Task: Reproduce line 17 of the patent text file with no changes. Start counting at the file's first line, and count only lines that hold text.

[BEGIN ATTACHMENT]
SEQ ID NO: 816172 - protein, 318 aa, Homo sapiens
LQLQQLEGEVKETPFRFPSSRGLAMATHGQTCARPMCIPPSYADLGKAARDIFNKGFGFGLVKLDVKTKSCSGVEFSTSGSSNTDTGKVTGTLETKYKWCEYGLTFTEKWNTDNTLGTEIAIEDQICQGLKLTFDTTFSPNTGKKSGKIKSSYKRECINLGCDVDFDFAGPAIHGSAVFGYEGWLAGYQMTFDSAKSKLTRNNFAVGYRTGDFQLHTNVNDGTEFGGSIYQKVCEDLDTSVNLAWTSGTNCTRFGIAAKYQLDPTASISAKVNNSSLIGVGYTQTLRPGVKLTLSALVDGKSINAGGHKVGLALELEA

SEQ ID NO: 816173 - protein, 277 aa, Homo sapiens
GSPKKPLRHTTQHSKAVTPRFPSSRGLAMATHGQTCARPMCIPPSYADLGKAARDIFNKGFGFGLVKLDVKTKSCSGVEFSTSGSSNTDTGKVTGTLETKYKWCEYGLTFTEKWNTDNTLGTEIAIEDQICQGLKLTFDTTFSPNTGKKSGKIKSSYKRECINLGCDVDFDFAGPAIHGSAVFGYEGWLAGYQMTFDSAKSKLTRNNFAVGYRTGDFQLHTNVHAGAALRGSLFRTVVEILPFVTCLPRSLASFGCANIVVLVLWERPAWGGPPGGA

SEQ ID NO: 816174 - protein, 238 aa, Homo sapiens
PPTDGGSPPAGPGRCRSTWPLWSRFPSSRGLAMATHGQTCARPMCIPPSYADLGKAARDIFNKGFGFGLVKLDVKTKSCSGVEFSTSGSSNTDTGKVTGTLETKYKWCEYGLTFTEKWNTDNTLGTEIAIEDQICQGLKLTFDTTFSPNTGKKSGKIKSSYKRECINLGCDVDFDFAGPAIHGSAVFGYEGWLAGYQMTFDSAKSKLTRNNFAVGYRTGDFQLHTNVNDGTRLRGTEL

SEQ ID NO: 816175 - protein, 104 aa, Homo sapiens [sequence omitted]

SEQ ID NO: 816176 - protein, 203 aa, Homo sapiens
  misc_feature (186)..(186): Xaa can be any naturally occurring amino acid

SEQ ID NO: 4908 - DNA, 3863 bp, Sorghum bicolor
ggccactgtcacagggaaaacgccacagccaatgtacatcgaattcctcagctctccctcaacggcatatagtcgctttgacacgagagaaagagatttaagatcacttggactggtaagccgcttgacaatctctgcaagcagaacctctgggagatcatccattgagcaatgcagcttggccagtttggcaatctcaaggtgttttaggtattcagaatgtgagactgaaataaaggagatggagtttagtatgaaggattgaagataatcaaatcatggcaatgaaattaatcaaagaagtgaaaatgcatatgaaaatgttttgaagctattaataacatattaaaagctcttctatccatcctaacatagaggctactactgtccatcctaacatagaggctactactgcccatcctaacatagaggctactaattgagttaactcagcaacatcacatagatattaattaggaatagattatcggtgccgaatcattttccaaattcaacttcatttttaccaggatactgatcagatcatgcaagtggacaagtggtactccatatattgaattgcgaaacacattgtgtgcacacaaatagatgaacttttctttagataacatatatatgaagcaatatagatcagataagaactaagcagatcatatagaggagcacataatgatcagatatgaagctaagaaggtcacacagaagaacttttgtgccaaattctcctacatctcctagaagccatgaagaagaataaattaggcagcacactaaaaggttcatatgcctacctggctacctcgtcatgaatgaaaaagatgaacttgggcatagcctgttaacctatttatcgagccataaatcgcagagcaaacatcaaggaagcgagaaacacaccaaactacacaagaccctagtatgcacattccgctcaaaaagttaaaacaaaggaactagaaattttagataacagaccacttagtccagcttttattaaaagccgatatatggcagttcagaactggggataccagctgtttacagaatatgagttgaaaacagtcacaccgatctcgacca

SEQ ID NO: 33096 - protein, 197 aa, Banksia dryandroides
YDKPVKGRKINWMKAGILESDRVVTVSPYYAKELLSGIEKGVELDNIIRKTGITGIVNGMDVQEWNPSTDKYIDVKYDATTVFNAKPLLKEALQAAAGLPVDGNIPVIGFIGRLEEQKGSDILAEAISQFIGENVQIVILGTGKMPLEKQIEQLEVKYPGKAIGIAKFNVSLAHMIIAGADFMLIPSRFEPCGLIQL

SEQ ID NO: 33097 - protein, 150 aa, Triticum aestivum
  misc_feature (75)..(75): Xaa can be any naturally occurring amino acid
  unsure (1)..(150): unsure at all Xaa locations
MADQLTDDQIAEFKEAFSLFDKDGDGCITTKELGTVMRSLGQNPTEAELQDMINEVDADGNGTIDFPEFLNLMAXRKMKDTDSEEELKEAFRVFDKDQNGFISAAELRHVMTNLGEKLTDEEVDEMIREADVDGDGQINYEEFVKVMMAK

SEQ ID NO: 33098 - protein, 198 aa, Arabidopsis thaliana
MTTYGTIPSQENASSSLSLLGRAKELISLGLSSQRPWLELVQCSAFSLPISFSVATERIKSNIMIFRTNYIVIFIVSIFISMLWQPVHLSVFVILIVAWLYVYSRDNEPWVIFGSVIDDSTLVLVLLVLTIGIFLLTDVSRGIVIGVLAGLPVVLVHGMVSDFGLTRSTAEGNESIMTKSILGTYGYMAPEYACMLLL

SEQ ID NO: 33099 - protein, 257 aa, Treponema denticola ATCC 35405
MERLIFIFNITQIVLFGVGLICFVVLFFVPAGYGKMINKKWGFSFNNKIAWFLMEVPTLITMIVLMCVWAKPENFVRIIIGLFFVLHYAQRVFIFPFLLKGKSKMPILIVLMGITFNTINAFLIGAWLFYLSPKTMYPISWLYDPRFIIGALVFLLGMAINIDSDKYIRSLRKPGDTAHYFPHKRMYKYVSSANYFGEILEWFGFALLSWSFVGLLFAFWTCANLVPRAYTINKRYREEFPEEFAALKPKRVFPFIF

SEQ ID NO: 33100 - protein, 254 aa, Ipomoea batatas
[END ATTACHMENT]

MADQLTDDQIAEFKEAFSLFDKDGDGCITTKELGTVMRSLGQNPTEAELQDMINEVDADGNGTIDFPEFLNLMAXRKMKDTDSEEELKEAFRVFDKDQNGFISAAELRHVMTNLGEKLTDEEVDEMIREADVDGDGQINYEEFVKVMMAK